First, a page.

By Shannon Mason
25-year-old Jonathan Horn isn’t afraid of working hard—or taking risks. After dedicating 6 years to the pursuit of a medical career, he’s now logging long hours at ICE, as a dual Culinary Arts and Culinary Management major. Inspired by the joy his grandparents—both Holocaust survivors—brought to the table, Jon exudes an incredible passion and appreciation for the kitchen. We sat down with him to learn more about his path to ICE:
What inspired you to enroll in culinary school?
Every interaction I’ve had with my grandparents at the dinner table and in the kitchen paved my path toward culinary school. They are both immigrants from Eastern Europe and, having survived the Holocaust, came here with nothing. The notion of having a simple, filling meal with their family gathered is the most gratifying experience for them.
As a child, I don’t think I quite grasped what was going on in my grandfather’s head when he would say, “Eat’em up.” in broken English at each and every single meal. Or why my grandmother would cook these amazing meals with every grandchild’s favorite dish, and then just stare at us with a huge smile on her face without even thinking of eating her own food. My family’s best experiences always revolved around a lavish meal, and frivolity always ensued. Over time, I really began to understand and cherish these meals. I don’t think anything can beat a good plate of food and a nice glass of wine. It really brings people together.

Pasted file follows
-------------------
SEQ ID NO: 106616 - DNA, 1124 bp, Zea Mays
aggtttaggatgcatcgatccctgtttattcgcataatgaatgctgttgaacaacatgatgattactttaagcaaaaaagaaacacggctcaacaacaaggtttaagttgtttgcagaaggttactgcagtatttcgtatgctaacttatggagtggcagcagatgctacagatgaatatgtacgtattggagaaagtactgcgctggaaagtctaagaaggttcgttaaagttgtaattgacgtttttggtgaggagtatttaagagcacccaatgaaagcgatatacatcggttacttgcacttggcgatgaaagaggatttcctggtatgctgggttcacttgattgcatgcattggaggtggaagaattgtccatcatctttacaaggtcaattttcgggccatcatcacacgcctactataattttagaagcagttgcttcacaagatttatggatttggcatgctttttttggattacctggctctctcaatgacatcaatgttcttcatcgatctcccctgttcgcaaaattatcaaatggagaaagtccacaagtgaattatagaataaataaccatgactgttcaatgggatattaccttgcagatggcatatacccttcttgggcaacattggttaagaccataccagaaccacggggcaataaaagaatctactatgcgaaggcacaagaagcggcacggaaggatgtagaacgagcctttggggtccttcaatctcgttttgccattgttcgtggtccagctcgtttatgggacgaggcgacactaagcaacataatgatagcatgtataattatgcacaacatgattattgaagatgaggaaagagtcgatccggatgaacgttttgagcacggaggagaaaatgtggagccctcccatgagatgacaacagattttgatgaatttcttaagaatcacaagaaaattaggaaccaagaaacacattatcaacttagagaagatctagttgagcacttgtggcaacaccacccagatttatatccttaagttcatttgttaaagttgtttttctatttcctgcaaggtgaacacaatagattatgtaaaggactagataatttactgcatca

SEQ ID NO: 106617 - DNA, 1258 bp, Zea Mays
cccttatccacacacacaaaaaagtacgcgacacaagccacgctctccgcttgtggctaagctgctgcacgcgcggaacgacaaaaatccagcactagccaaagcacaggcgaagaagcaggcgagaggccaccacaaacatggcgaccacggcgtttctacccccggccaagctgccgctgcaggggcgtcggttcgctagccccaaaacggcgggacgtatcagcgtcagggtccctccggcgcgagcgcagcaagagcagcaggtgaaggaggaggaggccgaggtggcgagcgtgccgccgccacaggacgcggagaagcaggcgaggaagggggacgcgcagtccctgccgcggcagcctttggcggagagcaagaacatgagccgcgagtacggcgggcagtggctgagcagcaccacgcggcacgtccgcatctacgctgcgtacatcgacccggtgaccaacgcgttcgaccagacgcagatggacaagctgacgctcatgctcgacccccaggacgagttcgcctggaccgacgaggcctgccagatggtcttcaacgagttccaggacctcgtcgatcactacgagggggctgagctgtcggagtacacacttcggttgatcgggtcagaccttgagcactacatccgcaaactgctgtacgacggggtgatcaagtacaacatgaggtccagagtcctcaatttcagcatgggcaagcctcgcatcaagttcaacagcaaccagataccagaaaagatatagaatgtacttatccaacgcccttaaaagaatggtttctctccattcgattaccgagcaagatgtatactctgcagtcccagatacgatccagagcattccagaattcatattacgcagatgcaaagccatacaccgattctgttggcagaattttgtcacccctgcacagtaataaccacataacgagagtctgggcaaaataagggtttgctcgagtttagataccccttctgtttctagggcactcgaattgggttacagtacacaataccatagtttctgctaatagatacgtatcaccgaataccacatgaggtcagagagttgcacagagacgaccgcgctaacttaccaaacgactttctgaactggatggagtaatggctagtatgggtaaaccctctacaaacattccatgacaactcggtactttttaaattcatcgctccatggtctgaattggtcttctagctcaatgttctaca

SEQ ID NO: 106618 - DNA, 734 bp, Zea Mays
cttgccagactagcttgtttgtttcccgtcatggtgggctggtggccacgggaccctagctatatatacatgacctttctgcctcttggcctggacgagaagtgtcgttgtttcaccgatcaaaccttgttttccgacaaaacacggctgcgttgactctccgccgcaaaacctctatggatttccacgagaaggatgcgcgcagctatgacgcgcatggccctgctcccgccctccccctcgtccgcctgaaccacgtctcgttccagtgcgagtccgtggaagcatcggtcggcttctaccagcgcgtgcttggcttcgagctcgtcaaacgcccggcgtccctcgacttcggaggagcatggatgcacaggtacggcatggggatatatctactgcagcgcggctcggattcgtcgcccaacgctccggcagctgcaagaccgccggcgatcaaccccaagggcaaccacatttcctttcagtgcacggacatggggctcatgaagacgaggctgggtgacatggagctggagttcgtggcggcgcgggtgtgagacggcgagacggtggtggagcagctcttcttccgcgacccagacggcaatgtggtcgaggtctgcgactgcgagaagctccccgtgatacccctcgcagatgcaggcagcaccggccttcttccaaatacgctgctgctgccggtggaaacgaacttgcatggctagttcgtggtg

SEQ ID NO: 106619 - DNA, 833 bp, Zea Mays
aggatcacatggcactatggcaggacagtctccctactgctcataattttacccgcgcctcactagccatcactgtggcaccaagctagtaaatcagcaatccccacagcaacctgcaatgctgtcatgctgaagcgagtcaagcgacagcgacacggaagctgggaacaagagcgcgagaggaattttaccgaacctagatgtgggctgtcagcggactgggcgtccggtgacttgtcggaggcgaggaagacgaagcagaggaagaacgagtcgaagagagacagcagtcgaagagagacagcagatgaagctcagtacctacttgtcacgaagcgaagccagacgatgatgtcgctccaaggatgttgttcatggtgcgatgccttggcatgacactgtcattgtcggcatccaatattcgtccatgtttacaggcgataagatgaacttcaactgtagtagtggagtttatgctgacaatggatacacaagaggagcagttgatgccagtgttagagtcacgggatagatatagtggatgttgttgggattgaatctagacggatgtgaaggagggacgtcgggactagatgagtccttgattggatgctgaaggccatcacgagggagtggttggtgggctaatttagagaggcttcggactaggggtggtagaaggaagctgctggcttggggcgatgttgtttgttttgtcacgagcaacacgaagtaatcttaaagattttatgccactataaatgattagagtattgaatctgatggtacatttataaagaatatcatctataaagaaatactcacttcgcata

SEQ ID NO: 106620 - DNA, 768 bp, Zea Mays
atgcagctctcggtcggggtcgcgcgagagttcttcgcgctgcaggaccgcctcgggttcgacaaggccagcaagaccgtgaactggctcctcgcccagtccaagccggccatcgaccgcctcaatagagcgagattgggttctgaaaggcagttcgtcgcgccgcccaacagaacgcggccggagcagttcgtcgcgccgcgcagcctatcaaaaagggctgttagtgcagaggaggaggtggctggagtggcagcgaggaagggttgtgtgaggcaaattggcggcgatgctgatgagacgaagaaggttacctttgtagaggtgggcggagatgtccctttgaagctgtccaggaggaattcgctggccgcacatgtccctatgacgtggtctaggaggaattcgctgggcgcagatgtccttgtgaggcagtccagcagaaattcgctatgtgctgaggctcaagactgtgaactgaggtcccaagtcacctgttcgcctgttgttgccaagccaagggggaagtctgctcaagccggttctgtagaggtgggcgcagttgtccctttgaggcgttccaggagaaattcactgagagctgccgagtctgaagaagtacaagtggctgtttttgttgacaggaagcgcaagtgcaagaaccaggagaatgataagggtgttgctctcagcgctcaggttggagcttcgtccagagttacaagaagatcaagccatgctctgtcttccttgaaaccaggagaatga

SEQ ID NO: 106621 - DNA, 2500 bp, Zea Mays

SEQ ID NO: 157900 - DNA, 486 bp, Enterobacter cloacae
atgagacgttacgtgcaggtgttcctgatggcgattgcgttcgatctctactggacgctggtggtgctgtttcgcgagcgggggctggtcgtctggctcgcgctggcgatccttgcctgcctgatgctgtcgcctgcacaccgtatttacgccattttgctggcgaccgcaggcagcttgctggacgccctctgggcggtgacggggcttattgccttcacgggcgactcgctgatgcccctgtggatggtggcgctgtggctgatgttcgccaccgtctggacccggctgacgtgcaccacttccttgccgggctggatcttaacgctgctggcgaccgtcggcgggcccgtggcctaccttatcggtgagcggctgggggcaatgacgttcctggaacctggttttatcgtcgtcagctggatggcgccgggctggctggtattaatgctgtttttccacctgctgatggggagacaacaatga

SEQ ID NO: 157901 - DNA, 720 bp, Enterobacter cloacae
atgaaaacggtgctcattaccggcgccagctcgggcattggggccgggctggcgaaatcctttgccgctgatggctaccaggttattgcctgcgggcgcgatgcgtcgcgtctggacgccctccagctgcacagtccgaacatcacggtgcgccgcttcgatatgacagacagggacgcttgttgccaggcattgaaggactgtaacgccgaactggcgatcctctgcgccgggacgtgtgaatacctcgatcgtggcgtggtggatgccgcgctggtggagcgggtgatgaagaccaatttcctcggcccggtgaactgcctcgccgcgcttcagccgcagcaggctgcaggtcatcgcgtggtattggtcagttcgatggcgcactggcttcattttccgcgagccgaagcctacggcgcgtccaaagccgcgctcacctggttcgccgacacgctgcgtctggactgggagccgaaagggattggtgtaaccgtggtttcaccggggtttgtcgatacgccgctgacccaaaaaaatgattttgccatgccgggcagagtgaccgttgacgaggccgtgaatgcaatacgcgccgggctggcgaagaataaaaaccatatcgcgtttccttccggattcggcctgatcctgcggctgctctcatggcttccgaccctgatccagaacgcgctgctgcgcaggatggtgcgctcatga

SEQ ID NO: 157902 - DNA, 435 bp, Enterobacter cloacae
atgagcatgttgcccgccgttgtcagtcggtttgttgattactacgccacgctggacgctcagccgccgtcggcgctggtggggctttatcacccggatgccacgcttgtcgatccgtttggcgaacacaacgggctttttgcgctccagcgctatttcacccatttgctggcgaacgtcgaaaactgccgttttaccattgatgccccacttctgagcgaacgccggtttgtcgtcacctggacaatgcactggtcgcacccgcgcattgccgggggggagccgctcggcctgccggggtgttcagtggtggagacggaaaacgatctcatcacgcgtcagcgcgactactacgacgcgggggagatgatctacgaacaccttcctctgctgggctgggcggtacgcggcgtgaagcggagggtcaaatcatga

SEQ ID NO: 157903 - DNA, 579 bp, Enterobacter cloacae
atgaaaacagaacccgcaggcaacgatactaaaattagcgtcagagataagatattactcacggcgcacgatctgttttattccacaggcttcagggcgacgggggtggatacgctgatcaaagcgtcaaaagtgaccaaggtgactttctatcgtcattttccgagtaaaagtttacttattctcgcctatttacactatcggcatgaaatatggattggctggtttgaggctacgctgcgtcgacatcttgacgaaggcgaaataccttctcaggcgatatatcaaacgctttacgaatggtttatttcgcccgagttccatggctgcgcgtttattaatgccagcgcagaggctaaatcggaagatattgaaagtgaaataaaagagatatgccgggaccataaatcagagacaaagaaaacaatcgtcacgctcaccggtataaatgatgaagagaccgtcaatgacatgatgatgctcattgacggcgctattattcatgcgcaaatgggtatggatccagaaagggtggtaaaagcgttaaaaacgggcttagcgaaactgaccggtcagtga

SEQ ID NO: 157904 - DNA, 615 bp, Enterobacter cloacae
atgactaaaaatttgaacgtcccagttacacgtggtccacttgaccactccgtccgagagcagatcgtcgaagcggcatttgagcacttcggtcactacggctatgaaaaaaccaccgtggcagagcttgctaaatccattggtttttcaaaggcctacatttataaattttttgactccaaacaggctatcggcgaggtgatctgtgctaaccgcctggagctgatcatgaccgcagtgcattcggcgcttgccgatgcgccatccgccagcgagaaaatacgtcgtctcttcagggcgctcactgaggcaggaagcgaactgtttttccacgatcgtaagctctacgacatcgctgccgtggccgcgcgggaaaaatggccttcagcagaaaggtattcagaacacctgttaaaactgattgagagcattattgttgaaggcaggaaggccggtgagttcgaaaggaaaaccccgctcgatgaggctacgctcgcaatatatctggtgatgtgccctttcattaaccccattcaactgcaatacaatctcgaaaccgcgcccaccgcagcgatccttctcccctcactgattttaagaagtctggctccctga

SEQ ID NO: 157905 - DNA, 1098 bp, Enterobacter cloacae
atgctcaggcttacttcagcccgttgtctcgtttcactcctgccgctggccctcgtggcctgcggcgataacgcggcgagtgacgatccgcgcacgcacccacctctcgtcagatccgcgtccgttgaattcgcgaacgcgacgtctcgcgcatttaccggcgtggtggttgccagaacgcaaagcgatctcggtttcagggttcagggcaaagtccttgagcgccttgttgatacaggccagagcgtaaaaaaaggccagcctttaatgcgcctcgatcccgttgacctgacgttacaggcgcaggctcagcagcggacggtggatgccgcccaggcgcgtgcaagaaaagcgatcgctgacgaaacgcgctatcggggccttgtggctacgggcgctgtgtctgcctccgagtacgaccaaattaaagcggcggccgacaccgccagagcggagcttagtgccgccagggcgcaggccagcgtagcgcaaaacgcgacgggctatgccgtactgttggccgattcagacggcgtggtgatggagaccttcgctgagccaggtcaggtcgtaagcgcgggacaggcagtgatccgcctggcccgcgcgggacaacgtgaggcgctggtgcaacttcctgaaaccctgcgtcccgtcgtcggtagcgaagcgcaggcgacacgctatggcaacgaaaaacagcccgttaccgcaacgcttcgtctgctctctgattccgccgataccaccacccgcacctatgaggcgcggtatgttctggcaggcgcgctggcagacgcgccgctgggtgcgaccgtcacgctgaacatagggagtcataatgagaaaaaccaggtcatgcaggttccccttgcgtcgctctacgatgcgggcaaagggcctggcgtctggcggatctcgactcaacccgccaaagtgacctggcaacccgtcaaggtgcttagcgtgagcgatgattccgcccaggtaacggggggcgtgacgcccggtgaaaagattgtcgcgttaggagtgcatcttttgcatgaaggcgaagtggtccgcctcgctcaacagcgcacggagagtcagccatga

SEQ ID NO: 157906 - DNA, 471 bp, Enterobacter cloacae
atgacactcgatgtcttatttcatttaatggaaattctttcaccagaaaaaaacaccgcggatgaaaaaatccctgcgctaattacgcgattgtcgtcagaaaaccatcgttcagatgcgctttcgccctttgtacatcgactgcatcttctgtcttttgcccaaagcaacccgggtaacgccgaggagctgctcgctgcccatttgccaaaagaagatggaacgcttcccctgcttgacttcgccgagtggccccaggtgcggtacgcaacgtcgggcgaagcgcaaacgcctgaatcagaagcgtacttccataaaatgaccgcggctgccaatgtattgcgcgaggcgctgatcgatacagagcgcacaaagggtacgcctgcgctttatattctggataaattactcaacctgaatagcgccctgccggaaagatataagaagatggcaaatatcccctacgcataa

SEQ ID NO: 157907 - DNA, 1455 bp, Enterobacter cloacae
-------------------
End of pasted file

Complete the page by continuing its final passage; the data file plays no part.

My grandfather worked as a cook seriously into his 80’s. I think he always dreamed of having his own place, and I really want to fulfill his dream. At the same time, I want to provide that same convivial atmosphere for others—to have fun, celebratory, and sometimes more meaningful experiences, just like my grandparents offered me at their dinner table.
Has entering the culinary field always been a dream of yours? If not, what was your career goal before coming to ICE?